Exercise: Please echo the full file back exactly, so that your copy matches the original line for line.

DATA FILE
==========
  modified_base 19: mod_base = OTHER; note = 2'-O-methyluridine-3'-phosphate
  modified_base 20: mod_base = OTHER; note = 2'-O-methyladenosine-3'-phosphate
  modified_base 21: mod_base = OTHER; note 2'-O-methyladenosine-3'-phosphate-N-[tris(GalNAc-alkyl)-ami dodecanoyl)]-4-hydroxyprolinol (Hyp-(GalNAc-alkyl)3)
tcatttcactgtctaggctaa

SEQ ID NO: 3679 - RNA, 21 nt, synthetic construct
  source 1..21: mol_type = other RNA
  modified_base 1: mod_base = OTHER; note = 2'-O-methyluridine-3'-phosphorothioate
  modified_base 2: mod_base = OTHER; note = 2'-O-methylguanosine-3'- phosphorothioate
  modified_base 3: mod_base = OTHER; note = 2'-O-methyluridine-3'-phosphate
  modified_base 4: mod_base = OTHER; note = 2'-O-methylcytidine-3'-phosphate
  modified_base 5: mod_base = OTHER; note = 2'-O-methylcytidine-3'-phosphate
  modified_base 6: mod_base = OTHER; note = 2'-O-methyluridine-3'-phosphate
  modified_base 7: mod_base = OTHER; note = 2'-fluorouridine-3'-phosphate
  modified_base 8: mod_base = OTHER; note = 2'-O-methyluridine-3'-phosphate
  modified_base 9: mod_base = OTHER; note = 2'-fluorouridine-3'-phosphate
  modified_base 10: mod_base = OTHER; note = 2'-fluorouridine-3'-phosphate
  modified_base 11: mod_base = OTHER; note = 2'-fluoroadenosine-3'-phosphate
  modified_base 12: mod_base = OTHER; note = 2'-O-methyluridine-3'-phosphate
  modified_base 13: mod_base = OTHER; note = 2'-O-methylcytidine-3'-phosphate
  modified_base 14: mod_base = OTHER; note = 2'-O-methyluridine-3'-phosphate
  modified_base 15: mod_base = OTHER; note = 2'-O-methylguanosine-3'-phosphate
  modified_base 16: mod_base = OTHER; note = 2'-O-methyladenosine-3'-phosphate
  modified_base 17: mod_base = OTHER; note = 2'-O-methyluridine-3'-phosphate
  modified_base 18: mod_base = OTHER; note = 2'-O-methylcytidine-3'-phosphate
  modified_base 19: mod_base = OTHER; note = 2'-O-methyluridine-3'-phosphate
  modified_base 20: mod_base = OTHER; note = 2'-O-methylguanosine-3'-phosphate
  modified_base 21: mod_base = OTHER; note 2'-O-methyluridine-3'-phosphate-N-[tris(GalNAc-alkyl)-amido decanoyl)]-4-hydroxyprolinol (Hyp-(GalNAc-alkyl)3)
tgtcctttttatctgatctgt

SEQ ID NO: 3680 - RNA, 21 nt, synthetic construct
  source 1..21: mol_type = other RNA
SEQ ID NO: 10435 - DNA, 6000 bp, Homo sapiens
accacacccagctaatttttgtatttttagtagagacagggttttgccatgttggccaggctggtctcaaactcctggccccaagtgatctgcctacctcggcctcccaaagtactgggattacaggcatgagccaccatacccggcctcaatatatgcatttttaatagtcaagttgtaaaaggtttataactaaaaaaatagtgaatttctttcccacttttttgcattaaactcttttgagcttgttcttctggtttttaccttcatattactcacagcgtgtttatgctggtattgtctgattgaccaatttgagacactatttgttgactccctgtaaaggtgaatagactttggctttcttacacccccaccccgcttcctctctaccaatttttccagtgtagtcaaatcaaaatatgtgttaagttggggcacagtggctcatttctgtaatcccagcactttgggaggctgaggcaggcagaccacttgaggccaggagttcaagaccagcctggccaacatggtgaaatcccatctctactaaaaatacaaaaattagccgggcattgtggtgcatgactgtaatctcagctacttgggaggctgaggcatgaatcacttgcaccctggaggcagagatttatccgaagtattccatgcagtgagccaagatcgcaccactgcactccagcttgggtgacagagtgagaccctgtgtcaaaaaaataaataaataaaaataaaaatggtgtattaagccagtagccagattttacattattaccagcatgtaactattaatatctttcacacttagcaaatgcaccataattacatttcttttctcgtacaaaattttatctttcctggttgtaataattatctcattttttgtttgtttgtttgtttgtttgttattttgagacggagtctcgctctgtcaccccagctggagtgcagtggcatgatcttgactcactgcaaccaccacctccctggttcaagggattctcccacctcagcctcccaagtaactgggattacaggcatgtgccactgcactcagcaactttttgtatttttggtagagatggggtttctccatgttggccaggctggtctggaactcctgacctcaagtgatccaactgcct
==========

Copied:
  modified_base 19: mod_base = OTHER; note = 2'-O-methyluridine-3'-phosphate
  modified_base 20: mod_base = OTHER; note = 2'-O-methyladenosine-3'-phosphate
  modified_base 21: mod_base = OTHER; note 2'-O-methyladenosine-3'-phosphate-N-[tris(GalNAc-alkyl)-ami dodecanoyl)]-4-hydroxyprolinol (Hyp-(GalNAc-alkyl)3)
tcatttcactgtctaggctaa

SEQ ID NO: 3679 - RNA, 21 nt, synthetic construct
  source 1..21: mol_type = other RNA
  modified_base 1: mod_base = OTHER; note = 2'-O-methyluridine-3'-phosphorothioate
  modified_base 2: mod_base = OTHER; note = 2'-O-methylguanosine-3'- phosphorothioate
  modified_base 3: mod_base = OTHER; note = 2'-O-methyluridine-3'-phosphate
  modified_base 4: mod_base = OTHER; note = 2'-O-methylcytidine-3'-phosphate
  modified_base 5: mod_base = OTHER; note = 2'-O-methylcytidine-3'-phosphate
  modified_base 6: mod_base = OTHER; note = 2'-O-methyluridine-3'-phosphate
  modified_base 7: mod_base = OTHER; note = 2'-fluorouridine-3'-phosphate
  modified_base 8: mod_base = OTHER; note = 2'-O-methyluridine-3'-phosphate
  modified_base 9: mod_base = OTHER; note = 2'-fluorouridine-3'-phosphate
  modified_base 10: mod_base = OTHER; note = 2'-fluorouridine-3'-phosphate
  modified_base 11: mod_base = OTHER; note = 2'-fluoroadenosine-3'-phosphate
  modified_base 12: mod_base = OTHER; note = 2'-O-methyluridine-3'-phosphate
  modified_base 13: mod_base = OTHER; note = 2'-O-methylcytidine-3'-phosphate
  modified_base 14: mod_base = OTHER; note = 2'-O-methyluridine-3'-phosphate
  modified_base 15: mod_base = OTHER; note = 2'-O-methylguanosine-3'-phosphate
  modified_base 16: mod_base = OTHER; note = 2'-O-methyladenosine-3'-phosphate
  modified_base 17: mod_base = OTHER; note = 2'-O-methyluridine-3'-phosphate
  modified_base 18: mod_base = OTHER; note = 2'-O-methylcytidine-3'-phosphate
  modified_base 19: mod_base = OTHER; note = 2'-O-methyluridine-3'-phosphate
  modified_base 20: mod_base = OTHER; note = 2'-O-methylguanosine-3'-phosphate
  modified_base 21: mod_base = OTHER; note 2'-O-methyluridine-3'-phosphate-N-[tris(GalNAc-alkyl)-amido decanoyl)]-4-hydroxyprolinol (Hyp-(GalNAc-alkyl)3)
tgtcctttttatctgatctgt

SEQ ID NO: 3680 - RNA, 21 nt, synthetic construct
  source 1..21: mol_type = other RNA
SEQ ID NO: 10435 - DNA, 6000 bp, Homo sapiens
accacacccagctaatttttgtatttttagtagagacagggttttgccatgttggccaggctggtctcaaactcctggccccaagtgatctgcctacctcggcctcccaaagtactgggattacaggcatgagccaccatacccggcctcaatatatgcatttttaatagtcaagttgtaaaaggtttataactaaaaaaatagtgaatttctttcccacttttttgcattaaactcttttgagcttgttcttctggtttttaccttcatattactcacagcgtgtttatgctggtattgtctgattgaccaatttgagacactatttgttgactccctgtaaaggtgaatagactttggctttcttacacccccaccccgcttcctctctaccaatttttccagtgtagtcaaatcaaaatatgtgttaagttggggcacagtggctcatttctgtaatcccagcactttgggaggctgaggcaggcagaccacttgaggccaggagttcaagaccagcctggccaacatggtgaaatcccatctctactaaaaatacaaaaattagccgggcattgtggtgcatgactgtaatctcagctacttgggaggctgaggcatgaatcacttgcaccctggaggcagagatttatccgaagtattccatgcagtgagccaagatcgcaccactgcactccagcttgggtgacagagtgagaccctgtgtcaaaaaaataaataaataaaaataaaaatggtgtattaagccagtagccagattttacattattaccagcatgtaactattaatatctttcacacttagcaaatgcaccataattacatttcttttctcgtacaaaattttatctttcctggttgtaataattatctcattttttgtttgtttgtttgtttgtttgttattttgagacggagtctcgctctgtcaccccagctggagtgcagtggcatgatcttgactcactgcaaccaccacctccctggttcaagggattctcccacctcagcctcccaagtaactgggattacaggcatgtgccactgcactcagcaactttttgtatttttggtagagatggggtttctccatgttggccaggctggtctggaactcctgacctcaagtgatccaactgcct